January 18, 2004 - Monterey Herald: Korea RPCV Paul Karrer spent many years abroad as a Peace Corps volunteer

Peace Corps Online: Directory: Korea: Peace Corps Korea : The Peace Corps in Korea: January 18, 2004 - Monterey Herald: Korea RPCV Paul Karrer spent many years abroad as a Peace Corps volunteer

By Admin1 (admin) (pool-151-196-35-236.balt.east.verizon.net - on Thursday, January 22, 2004 - 8:21 am: Edit Post

Korea RPCV Paul Karrer spent many years abroad as a Peace Corps volunteer

Korea RPCV Paul Karrer spent many years abroad as a Peace Corps volunteer

Castroville instructor's stories in compilation


What does Paul Karrer, a fifth-grade teacher at Castroville School, have in common with boxing legend Muhammad Ali, writer Maya Angelou and singer Stevie Wonder?

Karrer has the honor of being included along with those luminaries in an anthology of short stories, essays and poems called "Open My Eyes, Open My Soul," which examines and celebrates diversity and multiculturalism. The book was compiled by Yolanda King, Dr. Martin Luther King Jr.'s daughter, and author Elodia Tate.

Released in time to mark Dr. King's birthday, the contributions cover a wide range of issues but are all deeply personal.

"It is a celebration of our common humanity," said Karrer, a Monterey resident.

Karrer will have the opportunity to meet with King on Tuesday, when she when she is scheduled to appear at the Santa Cruz Civic Auditorium.

Two of Karrer's short stories, "The Baby Flight" and "Korean Kisses," are included in the anthology. King and Tate even mention "The Baby Flight" in the book's introduction.

"There are certain stories or poems that, when we say the title, a smile crosses our face and we blurt out, 'I love that story.' Sometimes we say a name of a title like 'The Baby Flight'... and everyone sighs and repeats the title in unison."

In the foreword to the book, Dr. King's widow, Coretta Scott King writes, "These stories and poems illuminate the lives of people struggling to make meaningful connections by reaching out with courage and love across the chasms of race, religion, culture, boundaries and other man-made barriers."

Karrer, 50, says Tate contacted him via e-mail about 10 months ago, and he was surprised to hear back from her just two days later.

"Whenever I write, I try to move people by making them laugh and cry," said Karrer, who has spent many years abroad as a Peace Corps volunteer and as an English teacher.

Karrer says he has written hundreds of short stories, five of which have appeared in the "Chicken Soup" series of inspirational books.

In "The Baby Flight," he recalls how as a young man teaching English in Korea, he took part in a government program that offered volunteers heavily discounted airfares in exchange for looking after infants being flown to the United States for adoption. Karrer describes how he was initially repulsed by one of the babies, who clearly suffered clearly from dwarfism. During the flight, Karrer fell in love with the little girl and even called her Tina.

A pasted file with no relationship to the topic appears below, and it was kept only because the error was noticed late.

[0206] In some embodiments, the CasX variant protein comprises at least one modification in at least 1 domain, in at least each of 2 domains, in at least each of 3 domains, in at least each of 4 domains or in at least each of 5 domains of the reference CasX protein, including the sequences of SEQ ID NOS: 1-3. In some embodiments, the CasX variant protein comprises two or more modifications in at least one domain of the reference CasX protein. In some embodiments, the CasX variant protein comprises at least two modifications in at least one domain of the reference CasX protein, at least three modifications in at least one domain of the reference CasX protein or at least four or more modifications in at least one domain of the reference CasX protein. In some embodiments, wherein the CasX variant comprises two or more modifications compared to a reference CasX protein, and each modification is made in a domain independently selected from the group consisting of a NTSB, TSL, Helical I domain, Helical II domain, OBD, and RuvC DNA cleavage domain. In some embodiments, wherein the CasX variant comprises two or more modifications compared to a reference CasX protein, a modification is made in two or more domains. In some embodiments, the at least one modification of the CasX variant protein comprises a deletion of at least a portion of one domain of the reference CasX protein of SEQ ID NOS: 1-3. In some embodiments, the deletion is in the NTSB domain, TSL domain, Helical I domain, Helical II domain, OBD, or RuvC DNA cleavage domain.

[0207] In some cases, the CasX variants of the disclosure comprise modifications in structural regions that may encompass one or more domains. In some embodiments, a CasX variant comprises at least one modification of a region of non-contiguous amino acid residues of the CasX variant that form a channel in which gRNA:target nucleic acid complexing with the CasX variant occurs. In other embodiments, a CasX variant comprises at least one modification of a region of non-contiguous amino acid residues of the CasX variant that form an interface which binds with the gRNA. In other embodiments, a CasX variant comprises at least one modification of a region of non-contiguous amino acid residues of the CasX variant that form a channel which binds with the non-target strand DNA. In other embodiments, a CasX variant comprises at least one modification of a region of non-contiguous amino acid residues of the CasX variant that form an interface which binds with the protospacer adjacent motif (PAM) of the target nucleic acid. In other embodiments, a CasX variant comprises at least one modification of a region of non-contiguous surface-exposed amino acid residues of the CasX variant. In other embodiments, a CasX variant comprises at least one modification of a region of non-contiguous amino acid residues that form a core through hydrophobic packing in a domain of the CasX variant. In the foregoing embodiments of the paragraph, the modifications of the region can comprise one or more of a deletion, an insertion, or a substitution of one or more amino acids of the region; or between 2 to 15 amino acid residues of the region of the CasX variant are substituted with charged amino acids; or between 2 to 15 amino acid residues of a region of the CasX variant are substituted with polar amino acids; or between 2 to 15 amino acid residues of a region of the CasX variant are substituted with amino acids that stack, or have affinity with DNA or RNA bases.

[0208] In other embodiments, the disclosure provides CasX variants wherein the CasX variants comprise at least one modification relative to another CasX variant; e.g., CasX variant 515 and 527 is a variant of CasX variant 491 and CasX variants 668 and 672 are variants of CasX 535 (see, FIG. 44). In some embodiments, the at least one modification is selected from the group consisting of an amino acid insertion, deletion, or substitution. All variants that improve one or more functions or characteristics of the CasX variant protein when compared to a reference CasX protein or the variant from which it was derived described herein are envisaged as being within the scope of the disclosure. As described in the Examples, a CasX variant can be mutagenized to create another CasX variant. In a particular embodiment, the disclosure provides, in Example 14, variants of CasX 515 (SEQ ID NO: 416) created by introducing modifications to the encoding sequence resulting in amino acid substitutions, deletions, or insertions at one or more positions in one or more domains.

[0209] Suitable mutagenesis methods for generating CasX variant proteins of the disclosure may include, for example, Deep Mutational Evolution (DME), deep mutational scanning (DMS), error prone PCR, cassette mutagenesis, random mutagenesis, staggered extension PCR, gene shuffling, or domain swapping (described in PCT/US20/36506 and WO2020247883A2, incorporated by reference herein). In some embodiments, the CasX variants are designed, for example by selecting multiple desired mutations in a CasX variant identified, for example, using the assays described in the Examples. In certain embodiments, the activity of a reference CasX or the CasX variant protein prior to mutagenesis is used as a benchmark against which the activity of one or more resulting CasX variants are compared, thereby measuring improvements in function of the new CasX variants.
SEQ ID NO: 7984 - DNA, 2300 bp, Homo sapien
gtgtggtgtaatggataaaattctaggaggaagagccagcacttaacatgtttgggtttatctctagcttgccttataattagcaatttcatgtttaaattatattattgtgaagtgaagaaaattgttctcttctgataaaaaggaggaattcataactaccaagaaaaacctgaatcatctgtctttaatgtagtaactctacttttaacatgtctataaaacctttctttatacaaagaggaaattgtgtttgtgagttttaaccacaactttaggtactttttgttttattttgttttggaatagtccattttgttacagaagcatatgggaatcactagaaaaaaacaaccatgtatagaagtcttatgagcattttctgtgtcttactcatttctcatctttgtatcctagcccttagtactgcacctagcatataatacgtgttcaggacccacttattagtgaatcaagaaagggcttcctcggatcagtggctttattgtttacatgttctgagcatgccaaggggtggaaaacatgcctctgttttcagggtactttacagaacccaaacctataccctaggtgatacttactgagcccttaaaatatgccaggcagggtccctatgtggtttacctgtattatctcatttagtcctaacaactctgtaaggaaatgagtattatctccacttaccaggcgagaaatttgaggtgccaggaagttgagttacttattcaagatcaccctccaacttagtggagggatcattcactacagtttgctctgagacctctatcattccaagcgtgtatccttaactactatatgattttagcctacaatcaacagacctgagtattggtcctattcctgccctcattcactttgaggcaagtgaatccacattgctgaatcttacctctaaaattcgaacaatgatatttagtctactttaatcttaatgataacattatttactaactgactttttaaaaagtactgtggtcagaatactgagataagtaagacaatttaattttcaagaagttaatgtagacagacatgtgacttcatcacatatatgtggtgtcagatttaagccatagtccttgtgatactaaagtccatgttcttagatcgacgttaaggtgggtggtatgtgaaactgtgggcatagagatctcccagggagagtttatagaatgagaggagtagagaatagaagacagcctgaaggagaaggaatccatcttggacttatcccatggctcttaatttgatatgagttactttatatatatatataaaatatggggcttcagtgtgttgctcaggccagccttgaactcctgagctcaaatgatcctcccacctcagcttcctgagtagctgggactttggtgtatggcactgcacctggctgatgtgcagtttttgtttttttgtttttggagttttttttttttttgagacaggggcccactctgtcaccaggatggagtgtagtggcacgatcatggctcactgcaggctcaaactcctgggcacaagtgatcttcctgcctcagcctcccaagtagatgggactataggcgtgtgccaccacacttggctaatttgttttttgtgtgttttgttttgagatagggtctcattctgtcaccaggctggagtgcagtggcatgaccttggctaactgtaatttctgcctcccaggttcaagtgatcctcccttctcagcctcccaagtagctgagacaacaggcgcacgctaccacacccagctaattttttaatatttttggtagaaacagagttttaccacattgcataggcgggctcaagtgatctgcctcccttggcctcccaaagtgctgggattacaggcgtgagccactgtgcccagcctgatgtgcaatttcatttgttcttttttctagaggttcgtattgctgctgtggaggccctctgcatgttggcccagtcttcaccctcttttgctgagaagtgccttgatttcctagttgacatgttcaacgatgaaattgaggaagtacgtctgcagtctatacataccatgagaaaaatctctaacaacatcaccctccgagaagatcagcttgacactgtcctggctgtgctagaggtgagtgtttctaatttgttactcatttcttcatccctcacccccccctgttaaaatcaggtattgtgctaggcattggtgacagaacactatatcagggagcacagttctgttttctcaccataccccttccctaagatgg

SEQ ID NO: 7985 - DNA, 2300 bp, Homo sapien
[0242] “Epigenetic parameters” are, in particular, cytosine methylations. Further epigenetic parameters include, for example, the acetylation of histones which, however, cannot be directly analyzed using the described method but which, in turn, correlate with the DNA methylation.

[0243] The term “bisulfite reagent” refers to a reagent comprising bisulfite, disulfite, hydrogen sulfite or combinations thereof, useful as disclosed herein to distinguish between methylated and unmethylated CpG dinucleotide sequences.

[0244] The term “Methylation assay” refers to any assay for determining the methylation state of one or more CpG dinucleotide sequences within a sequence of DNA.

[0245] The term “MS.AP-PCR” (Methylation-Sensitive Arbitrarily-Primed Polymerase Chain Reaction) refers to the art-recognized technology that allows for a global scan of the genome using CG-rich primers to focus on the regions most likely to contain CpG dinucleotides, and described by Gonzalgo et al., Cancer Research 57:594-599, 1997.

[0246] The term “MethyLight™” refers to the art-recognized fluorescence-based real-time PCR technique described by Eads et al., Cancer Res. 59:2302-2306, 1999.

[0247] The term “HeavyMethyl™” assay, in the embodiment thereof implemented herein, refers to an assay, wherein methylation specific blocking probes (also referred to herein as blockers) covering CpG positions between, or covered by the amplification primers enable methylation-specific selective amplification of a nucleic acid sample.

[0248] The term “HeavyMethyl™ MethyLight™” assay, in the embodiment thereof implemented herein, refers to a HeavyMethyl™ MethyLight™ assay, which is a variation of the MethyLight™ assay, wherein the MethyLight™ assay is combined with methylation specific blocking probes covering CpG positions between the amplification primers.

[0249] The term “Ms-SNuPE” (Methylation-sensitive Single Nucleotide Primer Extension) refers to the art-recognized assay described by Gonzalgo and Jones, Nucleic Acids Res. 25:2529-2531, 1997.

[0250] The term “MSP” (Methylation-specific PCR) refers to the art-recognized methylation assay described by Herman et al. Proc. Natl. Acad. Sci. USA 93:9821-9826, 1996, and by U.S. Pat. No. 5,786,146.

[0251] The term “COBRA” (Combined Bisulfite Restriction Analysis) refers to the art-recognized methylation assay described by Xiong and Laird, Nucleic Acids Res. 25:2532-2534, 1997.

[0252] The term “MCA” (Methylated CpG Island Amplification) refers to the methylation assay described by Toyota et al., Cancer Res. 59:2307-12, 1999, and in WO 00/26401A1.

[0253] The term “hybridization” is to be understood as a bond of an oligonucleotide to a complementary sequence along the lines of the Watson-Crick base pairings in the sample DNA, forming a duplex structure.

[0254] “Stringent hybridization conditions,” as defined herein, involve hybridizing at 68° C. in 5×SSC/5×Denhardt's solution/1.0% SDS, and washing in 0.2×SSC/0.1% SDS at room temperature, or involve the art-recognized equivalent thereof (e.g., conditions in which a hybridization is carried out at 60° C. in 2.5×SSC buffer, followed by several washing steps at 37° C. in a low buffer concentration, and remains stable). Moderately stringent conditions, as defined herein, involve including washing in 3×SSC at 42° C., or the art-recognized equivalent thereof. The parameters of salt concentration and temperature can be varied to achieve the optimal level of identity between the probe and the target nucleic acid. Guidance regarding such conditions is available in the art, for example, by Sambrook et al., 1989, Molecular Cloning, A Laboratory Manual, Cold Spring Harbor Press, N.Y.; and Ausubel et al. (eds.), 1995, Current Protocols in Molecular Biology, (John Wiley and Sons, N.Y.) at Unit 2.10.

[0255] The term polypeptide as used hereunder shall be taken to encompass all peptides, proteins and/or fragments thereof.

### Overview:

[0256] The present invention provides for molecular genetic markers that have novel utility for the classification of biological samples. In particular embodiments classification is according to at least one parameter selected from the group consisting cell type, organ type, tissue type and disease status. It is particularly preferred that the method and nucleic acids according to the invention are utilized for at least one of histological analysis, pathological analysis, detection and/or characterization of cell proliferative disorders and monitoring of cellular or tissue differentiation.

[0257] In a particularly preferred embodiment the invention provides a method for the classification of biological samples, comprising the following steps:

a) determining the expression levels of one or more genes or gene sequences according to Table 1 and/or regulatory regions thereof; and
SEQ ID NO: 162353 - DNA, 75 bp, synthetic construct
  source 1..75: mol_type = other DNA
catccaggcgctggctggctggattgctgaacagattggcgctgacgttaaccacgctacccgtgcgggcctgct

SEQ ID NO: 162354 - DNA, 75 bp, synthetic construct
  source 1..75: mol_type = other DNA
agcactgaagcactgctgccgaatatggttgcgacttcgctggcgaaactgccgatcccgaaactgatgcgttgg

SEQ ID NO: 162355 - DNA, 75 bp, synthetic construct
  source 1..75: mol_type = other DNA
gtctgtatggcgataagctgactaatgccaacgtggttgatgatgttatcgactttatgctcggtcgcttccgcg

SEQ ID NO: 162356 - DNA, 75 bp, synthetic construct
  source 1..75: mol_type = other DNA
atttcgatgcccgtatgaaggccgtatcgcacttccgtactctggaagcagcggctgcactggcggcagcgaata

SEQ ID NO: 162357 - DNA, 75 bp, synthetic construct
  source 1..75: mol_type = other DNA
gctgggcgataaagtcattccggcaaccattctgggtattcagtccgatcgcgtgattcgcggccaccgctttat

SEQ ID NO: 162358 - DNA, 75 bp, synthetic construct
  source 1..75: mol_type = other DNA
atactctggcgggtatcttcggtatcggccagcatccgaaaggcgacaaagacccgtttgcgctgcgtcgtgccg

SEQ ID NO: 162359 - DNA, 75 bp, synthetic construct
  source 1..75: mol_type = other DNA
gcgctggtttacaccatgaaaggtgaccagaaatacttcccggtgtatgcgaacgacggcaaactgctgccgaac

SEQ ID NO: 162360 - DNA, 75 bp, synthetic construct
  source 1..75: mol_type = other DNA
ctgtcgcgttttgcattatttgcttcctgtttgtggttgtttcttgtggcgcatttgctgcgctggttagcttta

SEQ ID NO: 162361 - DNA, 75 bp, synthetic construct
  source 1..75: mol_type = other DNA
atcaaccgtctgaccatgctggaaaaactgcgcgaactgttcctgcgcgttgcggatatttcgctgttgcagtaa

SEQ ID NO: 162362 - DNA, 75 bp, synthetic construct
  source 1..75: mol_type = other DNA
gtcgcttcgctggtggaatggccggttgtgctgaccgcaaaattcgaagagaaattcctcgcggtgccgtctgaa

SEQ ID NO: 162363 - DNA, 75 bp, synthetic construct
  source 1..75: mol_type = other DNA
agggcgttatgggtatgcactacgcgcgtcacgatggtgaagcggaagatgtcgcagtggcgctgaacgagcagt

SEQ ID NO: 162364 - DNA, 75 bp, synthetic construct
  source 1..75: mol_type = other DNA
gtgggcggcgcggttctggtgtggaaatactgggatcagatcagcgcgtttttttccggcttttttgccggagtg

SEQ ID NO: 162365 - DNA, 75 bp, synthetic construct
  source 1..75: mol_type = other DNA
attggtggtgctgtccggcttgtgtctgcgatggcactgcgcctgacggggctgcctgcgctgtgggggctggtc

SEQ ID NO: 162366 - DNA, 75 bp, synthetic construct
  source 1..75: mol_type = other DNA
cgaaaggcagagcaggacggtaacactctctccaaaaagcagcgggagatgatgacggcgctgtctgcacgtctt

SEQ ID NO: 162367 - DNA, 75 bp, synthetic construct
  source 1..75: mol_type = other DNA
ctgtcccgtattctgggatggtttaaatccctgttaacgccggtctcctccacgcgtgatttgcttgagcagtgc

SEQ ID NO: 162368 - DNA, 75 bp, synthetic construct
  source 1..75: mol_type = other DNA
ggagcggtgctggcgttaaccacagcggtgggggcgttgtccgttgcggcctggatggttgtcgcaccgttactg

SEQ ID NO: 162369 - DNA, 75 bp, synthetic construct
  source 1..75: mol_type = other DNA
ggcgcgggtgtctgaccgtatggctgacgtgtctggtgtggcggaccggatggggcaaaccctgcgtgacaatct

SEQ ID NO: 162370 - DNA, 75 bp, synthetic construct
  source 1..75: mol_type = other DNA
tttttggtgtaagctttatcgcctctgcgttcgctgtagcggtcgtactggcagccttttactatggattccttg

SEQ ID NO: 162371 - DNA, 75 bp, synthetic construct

In the second story, "Korean Kisses," Karrer hits even closer to home, reflecting on how he and his wife Mi-Ra, who is Korean, had been subjected to vicious racism as an interracial couple in Korea. Their daughter, Amber, is considered a "tiggie," a deprecating term for a person of mixed ancestry. The essay captures how Mi-Ra returns to Korea with Amber and receives the blessing of Korean people, signified by a kiss Amber receives from a stranger.

Other contributions in the anthology include an essay titled, "The Truth About Islam" by Muhammad Ali. In it, Ali describes how he once gave $100,000 to a Jewish "old folks home" to help keep it open. Ali writes that the residents were probably surprised to learn the contribution came from a black Muslim. "I believe that we all belong to the human race," he writes. "Maybe God made all of our differences so that we could explore them and enrich our lives by learning each other's cultures and heritage."

MLK Day events Parade Rep. Sam Farr, D-Carmel, plans to participate today in Seaside's Martin Luther King Jr. Day Parade. The parade is scheduled to begin at noon in front of the Department of Social Services, 1281 Broadway Ave., Seaside. Celebration of life A lecture and celebration of life for Martin Luther King Jr. will be held at 6:30 p.m. today in Pacific Grove. The second annual event, sponsored by the Stowitts Museum & Library and Circle of Love Foundation, will be in the Pacific Grove Arts Center, 568 Lighthouse Ave. Admission is free, and refreshments will be served. More information can be obtained by calling the museum at 655-4488.

Sukhjit Purewal can be reached at 646-4494.

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Story Source: Monterey Herald

This story has been posted in the following forums: : Headlines; COS - Korea; Writing - Korea



By missme156 (adsl-69-106-117-45.dsl.mtry01.pacbell.net - on Monday, June 13, 2005 - 12:22 am: Edit Post

Mr.Karrer was my 5th grd teacher and im blessed for that.Everyone i know that was in his class LOVED him he was funny and knew how to keep the kids paying attention.Im now in 8th grade and walk to his classroom and just sit and watch his 5th grade class or help him grade papers.I can remember him telling us about one of his students flunking on purpose so he could stay w/ mr.karrer.
i just wanted to put my point of view in and i hope he reads this

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